As the world’s second-largest continent, Africa is made up of 54 vibrant countries that boast some of the world’s most beautiful landscapes and amazing wildlife, not to mention some of the world’s oldest tribes, cultures and traditions. For any of you about to jet off to this magical destination we are super jealous! (If you’ve been around a while, you’ll know that Africa is Vicki’s favorite continent) And for any of you looking to feed your African inspiration even more, we have just the ticket. We’ve compiled a list of the 30 Best Movies about Africa to help you get a little taste of this glorious continent.
So what are you waiting for? Grab some popcorn and let’s get started.
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30 INCREDIBLE Movies About Africa to Inspire & Entertain
The Boy Who Harnessed The Wind (2019)
Based on a real-life story, The Boy Who Harnessed The Wind tells the tale of the Malawian boy William Kamkwamba who helped save his community. A British film that premiered at the 2019 Sundance Film Festival, it’s available to stream on Netflix.
Mandela: Long Walk To Freedom (2013)
Follow in the footsteps of South Africa’s first black leader, Nelson Mandela. Based on his autobiographical book navigating his childhood, education, coming of age and 27 years incarceration in Robben Island (and other) Prisons, it’s an incredible dramatization of the life of an extraordinary man. Compelling, emotional and uplifting, it is available to stream on Stan; and to read all about it from the man himself, you can grab his autobiography here.
Out of Africa (1985)
Starring Robert Redford and Meryl Streep, this epic romance, set in Kenya in colonial times, it tells the story of a passionate love affair between a plantation owner and a big game hunter. When Sydney Pollack brought Karen Blixen’s autobiographical book of the same name to life, he clearly pulled out the ‘best’ bits to create this cinematic masterpiece. But whilst the book itself is considered a modern classic (IMO) it is as dull as dishwater. It baffles me that a woman can lead such an unusual and eventful life, yet write a book so dry and boring. Stick with the film version & click the image above to stream through Amazon.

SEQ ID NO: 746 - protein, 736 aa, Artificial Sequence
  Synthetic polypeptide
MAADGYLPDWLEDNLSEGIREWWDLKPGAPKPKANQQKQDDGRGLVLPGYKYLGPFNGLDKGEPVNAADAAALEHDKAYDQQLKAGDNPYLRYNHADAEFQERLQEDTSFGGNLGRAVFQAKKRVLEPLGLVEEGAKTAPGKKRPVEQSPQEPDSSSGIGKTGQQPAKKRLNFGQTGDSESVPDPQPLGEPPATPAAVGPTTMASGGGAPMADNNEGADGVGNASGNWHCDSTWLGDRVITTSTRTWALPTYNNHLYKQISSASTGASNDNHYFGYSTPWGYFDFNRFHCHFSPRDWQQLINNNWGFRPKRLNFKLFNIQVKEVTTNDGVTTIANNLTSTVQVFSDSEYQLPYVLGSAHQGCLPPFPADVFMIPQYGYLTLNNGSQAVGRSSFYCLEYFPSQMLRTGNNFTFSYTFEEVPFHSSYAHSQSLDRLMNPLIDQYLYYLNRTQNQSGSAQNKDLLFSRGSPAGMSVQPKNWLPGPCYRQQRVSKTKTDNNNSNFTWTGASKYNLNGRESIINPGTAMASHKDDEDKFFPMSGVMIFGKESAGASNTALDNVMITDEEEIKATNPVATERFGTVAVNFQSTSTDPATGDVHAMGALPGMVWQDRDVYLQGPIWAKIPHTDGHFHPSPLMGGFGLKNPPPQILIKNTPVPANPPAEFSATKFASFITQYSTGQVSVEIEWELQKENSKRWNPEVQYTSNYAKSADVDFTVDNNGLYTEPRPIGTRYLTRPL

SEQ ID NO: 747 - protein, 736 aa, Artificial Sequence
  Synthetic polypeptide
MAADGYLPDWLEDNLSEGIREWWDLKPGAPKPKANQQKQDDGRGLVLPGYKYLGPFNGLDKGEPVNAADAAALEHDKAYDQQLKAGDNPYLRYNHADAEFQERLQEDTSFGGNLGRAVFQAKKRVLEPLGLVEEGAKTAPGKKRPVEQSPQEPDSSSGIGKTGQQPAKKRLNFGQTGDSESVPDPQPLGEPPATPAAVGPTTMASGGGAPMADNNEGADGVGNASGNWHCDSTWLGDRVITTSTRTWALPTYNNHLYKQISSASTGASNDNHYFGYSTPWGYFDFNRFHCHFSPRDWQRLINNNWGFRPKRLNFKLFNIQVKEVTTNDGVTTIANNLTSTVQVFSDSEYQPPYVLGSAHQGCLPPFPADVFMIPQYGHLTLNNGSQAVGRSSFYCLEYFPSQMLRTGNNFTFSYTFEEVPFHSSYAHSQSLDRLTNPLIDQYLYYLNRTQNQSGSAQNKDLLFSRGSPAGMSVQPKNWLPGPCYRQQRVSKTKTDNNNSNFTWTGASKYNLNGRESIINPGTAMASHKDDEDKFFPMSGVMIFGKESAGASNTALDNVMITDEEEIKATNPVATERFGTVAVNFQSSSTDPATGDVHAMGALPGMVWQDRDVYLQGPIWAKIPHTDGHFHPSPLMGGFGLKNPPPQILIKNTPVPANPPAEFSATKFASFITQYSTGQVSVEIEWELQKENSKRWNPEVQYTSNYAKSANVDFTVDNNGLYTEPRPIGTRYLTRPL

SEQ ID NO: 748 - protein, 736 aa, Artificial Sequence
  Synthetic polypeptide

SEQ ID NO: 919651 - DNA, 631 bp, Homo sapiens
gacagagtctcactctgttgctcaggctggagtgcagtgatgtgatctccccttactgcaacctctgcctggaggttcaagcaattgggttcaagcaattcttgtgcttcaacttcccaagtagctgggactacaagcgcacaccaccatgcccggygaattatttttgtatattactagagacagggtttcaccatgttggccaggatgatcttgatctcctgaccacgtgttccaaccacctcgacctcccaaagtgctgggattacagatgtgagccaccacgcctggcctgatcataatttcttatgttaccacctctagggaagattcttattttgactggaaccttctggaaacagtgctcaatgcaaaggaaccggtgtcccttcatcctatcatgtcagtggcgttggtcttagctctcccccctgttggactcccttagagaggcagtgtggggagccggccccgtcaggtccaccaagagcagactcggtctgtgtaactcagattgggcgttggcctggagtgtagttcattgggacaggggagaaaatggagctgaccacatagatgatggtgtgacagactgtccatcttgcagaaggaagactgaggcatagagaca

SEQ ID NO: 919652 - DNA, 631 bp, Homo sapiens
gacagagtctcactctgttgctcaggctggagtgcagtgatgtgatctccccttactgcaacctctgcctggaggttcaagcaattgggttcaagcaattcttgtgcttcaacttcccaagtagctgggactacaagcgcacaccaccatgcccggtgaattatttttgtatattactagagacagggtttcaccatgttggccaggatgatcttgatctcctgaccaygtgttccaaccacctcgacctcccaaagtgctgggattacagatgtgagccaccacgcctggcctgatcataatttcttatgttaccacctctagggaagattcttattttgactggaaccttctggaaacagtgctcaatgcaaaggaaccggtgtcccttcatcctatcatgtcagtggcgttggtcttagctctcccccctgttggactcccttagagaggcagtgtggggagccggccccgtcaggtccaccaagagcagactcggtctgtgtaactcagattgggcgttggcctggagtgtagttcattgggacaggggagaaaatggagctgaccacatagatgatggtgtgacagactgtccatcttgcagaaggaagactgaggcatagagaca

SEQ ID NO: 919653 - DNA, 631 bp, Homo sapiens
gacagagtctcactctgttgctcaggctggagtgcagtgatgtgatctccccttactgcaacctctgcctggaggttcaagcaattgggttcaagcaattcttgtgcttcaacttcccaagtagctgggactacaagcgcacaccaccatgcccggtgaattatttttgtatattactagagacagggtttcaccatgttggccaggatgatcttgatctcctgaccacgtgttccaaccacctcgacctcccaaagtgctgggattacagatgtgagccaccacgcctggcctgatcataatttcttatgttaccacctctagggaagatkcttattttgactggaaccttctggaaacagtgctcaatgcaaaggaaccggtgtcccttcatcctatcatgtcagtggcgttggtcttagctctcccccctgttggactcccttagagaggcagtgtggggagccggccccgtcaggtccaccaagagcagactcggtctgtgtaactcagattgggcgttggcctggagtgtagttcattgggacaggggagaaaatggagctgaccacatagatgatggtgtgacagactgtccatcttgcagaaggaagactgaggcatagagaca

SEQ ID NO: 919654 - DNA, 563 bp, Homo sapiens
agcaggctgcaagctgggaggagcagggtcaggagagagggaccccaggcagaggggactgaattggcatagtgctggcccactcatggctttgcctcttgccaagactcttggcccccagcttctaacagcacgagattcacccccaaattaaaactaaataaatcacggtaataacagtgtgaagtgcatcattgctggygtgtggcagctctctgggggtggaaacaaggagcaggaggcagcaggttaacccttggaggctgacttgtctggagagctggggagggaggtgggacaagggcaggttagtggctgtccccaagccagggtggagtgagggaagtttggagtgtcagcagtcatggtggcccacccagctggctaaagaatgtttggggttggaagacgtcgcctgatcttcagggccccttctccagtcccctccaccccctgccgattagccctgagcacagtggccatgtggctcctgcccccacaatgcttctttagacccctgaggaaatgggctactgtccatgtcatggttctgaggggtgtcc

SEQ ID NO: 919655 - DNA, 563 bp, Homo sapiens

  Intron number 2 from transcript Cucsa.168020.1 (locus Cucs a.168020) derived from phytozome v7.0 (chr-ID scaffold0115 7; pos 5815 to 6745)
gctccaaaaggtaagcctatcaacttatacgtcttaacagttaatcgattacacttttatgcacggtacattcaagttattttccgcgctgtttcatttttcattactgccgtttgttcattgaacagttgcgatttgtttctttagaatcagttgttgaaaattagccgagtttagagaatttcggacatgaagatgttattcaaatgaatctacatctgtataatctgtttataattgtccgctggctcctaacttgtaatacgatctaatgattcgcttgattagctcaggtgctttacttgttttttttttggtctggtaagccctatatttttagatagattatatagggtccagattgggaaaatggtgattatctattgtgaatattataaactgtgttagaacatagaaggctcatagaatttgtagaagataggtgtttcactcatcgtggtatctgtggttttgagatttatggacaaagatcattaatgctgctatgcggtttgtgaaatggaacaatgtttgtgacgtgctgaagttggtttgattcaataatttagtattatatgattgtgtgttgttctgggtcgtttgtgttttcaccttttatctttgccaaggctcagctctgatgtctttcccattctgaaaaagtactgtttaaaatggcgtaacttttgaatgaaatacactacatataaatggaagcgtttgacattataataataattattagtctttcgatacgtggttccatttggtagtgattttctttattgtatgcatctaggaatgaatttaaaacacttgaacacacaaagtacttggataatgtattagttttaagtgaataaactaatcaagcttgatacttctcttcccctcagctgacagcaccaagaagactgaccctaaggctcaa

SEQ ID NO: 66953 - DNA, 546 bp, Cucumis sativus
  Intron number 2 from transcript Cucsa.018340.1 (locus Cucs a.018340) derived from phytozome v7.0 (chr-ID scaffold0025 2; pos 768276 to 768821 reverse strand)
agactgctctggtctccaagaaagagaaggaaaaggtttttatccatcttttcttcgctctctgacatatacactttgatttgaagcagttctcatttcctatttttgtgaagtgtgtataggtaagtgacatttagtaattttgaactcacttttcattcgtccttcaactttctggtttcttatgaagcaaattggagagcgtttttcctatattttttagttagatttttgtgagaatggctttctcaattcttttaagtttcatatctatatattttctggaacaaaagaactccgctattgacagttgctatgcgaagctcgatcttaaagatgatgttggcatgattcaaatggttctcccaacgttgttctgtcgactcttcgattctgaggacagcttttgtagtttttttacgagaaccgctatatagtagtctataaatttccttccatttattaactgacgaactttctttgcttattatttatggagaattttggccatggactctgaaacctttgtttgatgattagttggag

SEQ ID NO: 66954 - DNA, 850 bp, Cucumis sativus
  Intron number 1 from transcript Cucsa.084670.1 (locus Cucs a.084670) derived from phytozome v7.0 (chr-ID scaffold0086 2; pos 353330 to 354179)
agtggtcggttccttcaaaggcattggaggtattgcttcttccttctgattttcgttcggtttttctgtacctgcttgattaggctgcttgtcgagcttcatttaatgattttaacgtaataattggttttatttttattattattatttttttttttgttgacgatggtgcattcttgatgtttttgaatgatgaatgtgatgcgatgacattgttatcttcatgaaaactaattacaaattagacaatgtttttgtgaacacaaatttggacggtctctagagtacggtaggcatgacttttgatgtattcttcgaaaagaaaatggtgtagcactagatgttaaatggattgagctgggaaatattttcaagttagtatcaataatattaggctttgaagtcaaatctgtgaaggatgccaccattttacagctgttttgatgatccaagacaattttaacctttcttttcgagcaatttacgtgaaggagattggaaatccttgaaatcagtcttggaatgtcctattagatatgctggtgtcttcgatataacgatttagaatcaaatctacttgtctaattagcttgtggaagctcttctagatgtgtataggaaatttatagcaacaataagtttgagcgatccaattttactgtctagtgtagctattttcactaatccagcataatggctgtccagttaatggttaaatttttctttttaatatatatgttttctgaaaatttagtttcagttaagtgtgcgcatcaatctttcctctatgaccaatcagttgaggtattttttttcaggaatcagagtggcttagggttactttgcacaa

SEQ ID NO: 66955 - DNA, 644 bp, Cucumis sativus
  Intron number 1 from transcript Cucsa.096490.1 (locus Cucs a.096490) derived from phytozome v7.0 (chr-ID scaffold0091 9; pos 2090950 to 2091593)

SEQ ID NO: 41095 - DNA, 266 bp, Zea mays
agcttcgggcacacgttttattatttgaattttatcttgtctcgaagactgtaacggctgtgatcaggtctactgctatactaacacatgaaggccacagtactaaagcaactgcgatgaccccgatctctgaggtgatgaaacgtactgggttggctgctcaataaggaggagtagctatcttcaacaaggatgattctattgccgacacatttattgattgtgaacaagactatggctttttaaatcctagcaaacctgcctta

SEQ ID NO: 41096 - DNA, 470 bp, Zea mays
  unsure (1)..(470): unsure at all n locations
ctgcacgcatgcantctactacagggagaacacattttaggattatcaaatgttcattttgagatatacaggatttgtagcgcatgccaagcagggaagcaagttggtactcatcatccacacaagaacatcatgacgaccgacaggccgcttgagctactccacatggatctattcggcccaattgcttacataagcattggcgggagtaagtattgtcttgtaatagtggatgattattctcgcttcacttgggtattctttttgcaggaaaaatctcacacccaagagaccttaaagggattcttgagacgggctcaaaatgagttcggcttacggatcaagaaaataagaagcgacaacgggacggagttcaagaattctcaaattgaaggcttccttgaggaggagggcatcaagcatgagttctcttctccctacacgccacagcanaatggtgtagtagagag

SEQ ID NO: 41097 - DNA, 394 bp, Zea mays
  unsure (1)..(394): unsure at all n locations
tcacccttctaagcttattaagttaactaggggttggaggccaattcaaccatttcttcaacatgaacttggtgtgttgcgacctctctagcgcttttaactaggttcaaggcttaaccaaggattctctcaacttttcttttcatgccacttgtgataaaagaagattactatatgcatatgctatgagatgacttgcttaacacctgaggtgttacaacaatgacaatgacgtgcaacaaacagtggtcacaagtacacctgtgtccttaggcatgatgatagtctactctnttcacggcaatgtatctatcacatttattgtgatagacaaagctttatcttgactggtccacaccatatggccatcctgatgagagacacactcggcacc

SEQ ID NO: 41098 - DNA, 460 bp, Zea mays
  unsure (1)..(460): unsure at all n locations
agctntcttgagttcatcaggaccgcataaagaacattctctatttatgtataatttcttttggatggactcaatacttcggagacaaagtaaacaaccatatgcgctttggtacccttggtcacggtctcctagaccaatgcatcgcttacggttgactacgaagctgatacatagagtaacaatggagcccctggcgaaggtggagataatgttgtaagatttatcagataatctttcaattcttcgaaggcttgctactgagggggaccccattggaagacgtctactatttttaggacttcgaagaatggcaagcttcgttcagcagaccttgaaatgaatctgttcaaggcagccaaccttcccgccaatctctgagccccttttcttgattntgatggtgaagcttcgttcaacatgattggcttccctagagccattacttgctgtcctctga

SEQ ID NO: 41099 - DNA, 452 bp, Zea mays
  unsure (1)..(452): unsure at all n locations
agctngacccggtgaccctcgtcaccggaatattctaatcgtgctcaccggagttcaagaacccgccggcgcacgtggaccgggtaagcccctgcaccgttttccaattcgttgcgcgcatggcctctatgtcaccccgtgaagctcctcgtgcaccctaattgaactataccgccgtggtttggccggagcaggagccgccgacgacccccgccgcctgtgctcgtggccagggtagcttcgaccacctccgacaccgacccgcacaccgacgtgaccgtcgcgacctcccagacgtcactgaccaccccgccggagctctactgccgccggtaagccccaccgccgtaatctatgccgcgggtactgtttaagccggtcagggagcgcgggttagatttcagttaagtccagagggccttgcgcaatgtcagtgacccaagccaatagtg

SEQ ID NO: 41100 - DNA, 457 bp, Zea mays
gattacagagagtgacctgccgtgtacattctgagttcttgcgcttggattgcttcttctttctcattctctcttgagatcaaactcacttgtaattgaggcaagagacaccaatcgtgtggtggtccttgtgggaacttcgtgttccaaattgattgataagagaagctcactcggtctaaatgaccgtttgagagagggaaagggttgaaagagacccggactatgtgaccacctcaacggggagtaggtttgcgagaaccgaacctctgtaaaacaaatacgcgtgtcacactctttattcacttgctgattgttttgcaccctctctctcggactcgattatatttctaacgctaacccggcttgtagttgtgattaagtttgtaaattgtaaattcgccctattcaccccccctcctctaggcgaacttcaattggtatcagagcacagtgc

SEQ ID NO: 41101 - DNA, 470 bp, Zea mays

The Last King of Scotland (2006)
Based on Giles Foden’s 1998 novel (grab the book here), it recounts the tale of a Scottish doctor who travels to Uganda and becomes the physician of the country’s cruelest leaders Idi Amin, AKA the butcher of Uganda. Starring James McAvoy as the doctor, and Forrest Whittaker as the dictator, viewers are given a brief insight into the violent rule of Amin who it is believed was responsible for the deaths of up to half a million people during his time in power.
Gorillas in the Mist (1988)
Based on the work of Dian Fossey in Rwanda with mountain gorillas, this is a must-see blockbuster, nominated for five academy awards. Walking away from her life in the USA, Dian moved into what is now known as the Virunga mountains in an attempt to habituate and learn about these magnificent creatures. Although not everyone was pleased with her work. The book and the film provide a fascinating insight into a world of endangered mountain gorillas, poachers and the politics of the time.
The African Queen (1952)
A true Hollywood classic, The African Queen stars Humphrey Bogart and Katherine Hepburn and tells the tale of a missionary and a captain who attack an enemy warship during WW1. OK, so this one isn’t really a film about Africa in the truest sense, as she merely acts as a backdrop to the adventure, but you can’t go wrong with a bit of Hollywood glamour.
Hotel Rwanda (2004)